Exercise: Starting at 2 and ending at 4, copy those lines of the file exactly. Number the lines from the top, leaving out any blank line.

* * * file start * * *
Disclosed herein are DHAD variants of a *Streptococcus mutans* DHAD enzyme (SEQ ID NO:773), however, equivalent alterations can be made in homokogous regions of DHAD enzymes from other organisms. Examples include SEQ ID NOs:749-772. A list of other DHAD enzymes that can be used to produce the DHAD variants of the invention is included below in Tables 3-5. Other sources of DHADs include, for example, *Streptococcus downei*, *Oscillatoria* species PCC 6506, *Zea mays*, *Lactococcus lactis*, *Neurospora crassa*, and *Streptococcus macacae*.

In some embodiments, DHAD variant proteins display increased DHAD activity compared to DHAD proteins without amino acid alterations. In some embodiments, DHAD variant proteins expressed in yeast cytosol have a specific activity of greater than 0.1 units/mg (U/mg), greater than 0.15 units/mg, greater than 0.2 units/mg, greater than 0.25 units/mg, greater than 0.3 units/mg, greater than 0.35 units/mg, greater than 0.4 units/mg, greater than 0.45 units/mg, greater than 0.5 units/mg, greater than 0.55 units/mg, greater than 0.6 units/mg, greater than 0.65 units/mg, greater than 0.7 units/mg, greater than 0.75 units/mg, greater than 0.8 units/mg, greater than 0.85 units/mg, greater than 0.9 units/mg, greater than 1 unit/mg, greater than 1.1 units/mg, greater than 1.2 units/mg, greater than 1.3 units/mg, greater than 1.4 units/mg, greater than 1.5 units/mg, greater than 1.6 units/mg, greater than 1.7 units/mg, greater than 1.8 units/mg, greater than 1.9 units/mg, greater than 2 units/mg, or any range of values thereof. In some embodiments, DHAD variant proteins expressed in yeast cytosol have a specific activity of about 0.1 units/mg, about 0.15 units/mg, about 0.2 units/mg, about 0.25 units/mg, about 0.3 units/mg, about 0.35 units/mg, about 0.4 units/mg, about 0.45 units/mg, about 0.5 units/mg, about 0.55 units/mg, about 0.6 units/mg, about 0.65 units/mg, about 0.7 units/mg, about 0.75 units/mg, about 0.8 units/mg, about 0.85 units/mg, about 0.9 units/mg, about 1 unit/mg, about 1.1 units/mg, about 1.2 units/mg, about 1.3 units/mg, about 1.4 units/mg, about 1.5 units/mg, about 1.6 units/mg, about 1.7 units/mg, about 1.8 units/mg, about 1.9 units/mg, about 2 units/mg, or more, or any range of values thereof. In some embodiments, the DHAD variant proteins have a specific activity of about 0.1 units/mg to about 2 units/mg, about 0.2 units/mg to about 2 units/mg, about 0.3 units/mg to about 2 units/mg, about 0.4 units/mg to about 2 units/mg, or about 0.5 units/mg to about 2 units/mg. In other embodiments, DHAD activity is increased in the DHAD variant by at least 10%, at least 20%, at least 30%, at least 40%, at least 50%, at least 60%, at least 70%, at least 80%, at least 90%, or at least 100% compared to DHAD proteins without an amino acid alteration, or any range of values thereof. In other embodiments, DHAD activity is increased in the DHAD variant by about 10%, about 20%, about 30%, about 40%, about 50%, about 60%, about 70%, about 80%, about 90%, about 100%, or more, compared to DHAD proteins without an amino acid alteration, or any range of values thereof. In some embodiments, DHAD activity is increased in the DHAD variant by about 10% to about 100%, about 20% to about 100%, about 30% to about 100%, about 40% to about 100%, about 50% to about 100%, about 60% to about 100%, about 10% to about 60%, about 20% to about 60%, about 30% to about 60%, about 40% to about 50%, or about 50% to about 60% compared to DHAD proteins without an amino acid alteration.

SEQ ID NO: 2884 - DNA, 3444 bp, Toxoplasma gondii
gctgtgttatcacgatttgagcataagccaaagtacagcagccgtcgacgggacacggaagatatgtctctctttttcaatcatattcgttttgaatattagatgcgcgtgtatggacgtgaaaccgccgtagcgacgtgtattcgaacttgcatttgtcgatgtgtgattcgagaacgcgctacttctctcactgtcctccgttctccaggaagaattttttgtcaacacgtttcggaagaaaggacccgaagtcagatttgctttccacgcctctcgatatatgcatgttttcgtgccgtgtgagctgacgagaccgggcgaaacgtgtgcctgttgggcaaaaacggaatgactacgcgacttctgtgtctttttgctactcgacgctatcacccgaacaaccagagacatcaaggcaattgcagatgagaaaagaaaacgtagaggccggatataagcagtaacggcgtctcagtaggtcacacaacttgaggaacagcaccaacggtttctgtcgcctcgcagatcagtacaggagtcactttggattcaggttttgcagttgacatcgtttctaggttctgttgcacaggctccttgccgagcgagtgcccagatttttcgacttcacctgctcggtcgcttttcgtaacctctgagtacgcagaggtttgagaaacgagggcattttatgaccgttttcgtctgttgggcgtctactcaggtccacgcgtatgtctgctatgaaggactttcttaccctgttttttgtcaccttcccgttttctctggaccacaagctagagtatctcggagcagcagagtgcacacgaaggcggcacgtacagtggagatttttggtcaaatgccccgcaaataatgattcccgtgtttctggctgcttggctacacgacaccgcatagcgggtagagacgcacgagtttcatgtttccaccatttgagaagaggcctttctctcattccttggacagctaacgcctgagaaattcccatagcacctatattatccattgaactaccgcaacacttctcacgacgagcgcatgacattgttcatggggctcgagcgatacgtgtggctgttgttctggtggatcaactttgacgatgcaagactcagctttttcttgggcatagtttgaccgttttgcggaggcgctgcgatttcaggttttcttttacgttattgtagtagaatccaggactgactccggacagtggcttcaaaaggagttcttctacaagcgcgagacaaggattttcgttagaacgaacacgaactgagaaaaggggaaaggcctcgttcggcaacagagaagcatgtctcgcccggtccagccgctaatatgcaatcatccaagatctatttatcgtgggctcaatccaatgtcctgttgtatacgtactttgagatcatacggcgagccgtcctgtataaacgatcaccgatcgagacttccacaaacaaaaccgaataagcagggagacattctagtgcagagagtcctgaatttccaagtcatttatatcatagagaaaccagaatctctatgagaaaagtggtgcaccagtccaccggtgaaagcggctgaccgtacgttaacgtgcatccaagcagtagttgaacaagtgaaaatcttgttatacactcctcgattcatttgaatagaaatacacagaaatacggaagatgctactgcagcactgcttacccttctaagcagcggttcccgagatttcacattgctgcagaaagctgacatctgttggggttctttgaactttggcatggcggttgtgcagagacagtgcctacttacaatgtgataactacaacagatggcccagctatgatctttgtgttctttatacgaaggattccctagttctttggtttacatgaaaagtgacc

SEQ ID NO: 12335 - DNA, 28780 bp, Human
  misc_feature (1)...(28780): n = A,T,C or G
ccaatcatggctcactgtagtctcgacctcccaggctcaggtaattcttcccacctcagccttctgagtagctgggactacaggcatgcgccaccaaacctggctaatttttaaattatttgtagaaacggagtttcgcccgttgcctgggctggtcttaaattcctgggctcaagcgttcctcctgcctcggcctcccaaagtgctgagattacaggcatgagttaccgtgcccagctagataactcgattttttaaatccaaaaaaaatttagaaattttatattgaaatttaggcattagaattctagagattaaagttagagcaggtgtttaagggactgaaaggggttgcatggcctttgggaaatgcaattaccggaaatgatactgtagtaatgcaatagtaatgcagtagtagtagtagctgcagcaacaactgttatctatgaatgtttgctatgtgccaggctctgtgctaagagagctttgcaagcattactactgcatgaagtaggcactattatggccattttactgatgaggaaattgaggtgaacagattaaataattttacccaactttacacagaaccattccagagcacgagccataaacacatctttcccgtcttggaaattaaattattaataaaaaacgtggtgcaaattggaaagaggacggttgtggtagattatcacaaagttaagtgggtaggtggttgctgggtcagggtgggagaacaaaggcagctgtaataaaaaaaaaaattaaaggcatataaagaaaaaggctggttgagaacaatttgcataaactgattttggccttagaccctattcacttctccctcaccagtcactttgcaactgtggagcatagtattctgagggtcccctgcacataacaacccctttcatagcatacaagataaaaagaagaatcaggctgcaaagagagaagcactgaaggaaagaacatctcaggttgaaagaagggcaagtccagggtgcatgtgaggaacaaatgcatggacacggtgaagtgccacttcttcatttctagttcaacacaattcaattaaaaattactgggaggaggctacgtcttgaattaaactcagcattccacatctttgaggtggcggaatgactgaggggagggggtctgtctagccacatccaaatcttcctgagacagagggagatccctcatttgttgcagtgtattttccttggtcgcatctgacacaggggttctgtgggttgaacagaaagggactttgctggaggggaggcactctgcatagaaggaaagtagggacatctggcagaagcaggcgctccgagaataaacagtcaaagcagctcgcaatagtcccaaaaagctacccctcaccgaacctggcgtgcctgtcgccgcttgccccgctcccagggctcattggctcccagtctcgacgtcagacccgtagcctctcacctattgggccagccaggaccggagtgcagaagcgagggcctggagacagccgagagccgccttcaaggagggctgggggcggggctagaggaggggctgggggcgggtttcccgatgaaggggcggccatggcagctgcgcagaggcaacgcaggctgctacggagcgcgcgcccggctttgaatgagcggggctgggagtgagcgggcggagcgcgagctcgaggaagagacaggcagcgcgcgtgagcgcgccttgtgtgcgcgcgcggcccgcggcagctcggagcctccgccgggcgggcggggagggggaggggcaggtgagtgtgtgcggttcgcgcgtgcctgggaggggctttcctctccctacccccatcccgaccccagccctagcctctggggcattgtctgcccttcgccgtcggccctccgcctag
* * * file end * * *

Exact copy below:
In some embodiments, DHAD variant proteins display increased DHAD activity compared to DHAD proteins without amino acid alterations. In some embodiments, DHAD variant proteins expressed in yeast cytosol have a specific activity of greater than 0.1 units/mg (U/mg), greater than 0.15 units/mg, greater than 0.2 units/mg, greater than 0.25 units/mg, greater than 0.3 units/mg, greater than 0.35 units/mg, greater than 0.4 units/mg, greater than 0.45 units/mg, greater than 0.5 units/mg, greater than 0.55 units/mg, greater than 0.6 units/mg, greater than 0.65 units/mg, greater than 0.7 units/mg, greater than 0.75 units/mg, greater than 0.8 units/mg, greater than 0.85 units/mg, greater than 0.9 units/mg, greater than 1 unit/mg, greater than 1.1 units/mg, greater than 1.2 units/mg, greater than 1.3 units/mg, greater than 1.4 units/mg, greater than 1.5 units/mg, greater than 1.6 units/mg, greater than 1.7 units/mg, greater than 1.8 units/mg, greater than 1.9 units/mg, greater than 2 units/mg, or any range of values thereof. In some embodiments, DHAD variant proteins expressed in yeast cytosol have a specific activity of about 0.1 units/mg, about 0.15 units/mg, about 0.2 units/mg, about 0.25 units/mg, about 0.3 units/mg, about 0.35 units/mg, about 0.4 units/mg, about 0.45 units/mg, about 0.5 units/mg, about 0.55 units/mg, about 0.6 units/mg, about 0.65 units/mg, about 0.7 units/mg, about 0.75 units/mg, about 0.8 units/mg, about 0.85 units/mg, about 0.9 units/mg, about 1 unit/mg, about 1.1 units/mg, about 1.2 units/mg, about 1.3 units/mg, about 1.4 units/mg, about 1.5 units/mg, about 1.6 units/mg, about 1.7 units/mg, about 1.8 units/mg, about 1.9 units/mg, about 2 units/mg, or more, or any range of values thereof. In some embodiments, the DHAD variant proteins have a specific activity of about 0.1 units/mg to about 2 units/mg, about 0.2 units/mg to about 2 units/mg, about 0.3 units/mg to about 2 units/mg, about 0.4 units/mg to about 2 units/mg, or about 0.5 units/mg to about 2 units/mg. In other embodiments, DHAD activity is increased in the DHAD variant by at least 10%, at least 20%, at least 30%, at least 40%, at least 50%, at least 60%, at least 70%, at least 80%, at least 90%, or at least 100% compared to DHAD proteins without an amino acid alteration, or any range of values thereof. In other embodiments, DHAD activity is increased in the DHAD variant by about 10%, about 20%, about 30%, about 40%, about 50%, about 60%, about 70%, about 80%, about 90%, about 100%, or more, compared to DHAD proteins without an amino acid alteration, or any range of values thereof. In some embodiments, DHAD activity is increased in the DHAD variant by about 10% to about 100%, about 20% to about 100%, about 30% to about 100%, about 40% to about 100%, about 50% to about 100%, about 60% to about 100%, about 10% to about 60%, about 20% to about 60%, about 30% to about 60%, about 40% to about 50%, or about 50% to about 60% compared to DHAD proteins without an amino acid alteration.

SEQ ID NO: 2884 - DNA, 3444 bp, Toxoplasma gondii
gctgtgttatcacgatttgagcataagccaaagtacagcagccgtcgacgggacacggaagatatgtctctctttttcaatcatattcgttttgaatattagatgcgcgtgtatggacgtgaaaccgccgtagcgacgtgtattcgaacttgcatttgtcgatgtgtgattcgagaacgcgctacttctctcactgtcctccgttctccaggaagaattttttgtcaacacgtttcggaagaaaggacccgaagtcagatttgctttccacgcctctcgatatatgcatgttttcgtgccgtgtgagctgacgagaccgggcgaaacgtgtgcctgttgggcaaaaacggaatgactacgcgacttctgtgtctttttgctactcgacgctatcacccgaacaaccagagacatcaaggcaattgcagatgagaaaagaaaacgtagaggccggatataagcagtaacggcgtctcagtaggtcacacaacttgaggaacagcaccaacggtttctgtcgcctcgcagatcagtacaggagtcactttggattcaggttttgcagttgacatcgtttctaggttctgttgcacaggctccttgccgagcgagtgcccagatttttcgacttcacctgctcggtcgcttttcgtaacctctgagtacgcagaggtttgagaaacgagggcattttatgaccgttttcgtctgttgggcgtctactcaggtccacgcgtatgtctgctatgaaggactttcttaccctgttttttgtcaccttcccgttttctctggaccacaagctagagtatctcggagcagcagagtgcacacgaaggcggcacgtacagtggagatttttggtcaaatgccccgcaaataatgattcccgtgtttctggctgcttggctacacgacaccgcatagcgggtagagacgcacgagtttcatgtttccaccatttgagaagaggcctttctctcattccttggacagctaacgcctgagaaattcccatagcacctatattatccattgaactaccgcaacacttctcacgacgagcgcatgacattgttcatggggctcgagcgatacgtgtggctgttgttctggtggatcaactttgacgatgcaagactcagctttttcttgggcatagtttgaccgttttgcggaggcgctgcgatttcaggttttcttttacgttattgtagtagaatccaggactgactccggacagtggcttcaaaaggagttcttctacaagcgcgagacaaggattttcgttagaacgaacacgaactgagaaaaggggaaaggcctcgttcggcaacagagaagcatgtctcgcccggtccagccgctaatatgcaatcatccaagatctatttatcgtgggctcaatccaatgtcctgttgtatacgtactttgagatcatacggcgagccgtcctgtataaacgatcaccgatcgagacttccacaaacaaaaccgaataagcagggagacattctagtgcagagagtcctgaatttccaagtcatttatatcatagagaaaccagaatctctatgagaaaagtggtgcaccagtccaccggtgaaagcggctgaccgtacgttaacgtgcatccaagcagtagttgaacaagtgaaaatcttgttatacactcctcgattcatttgaatagaaatacacagaaatacggaagatgctactgcagcactgcttacccttctaagcagcggttcccgagatttcacattgctgcagaaagctgacatctgttggggttctttgaactttggcatggcggttgtgcagagacagtgcctacttacaatgtgataactacaacagatggcccagctatgatctttgtgttctttatacgaaggattccctagttctttggtttacatgaaaagtgacc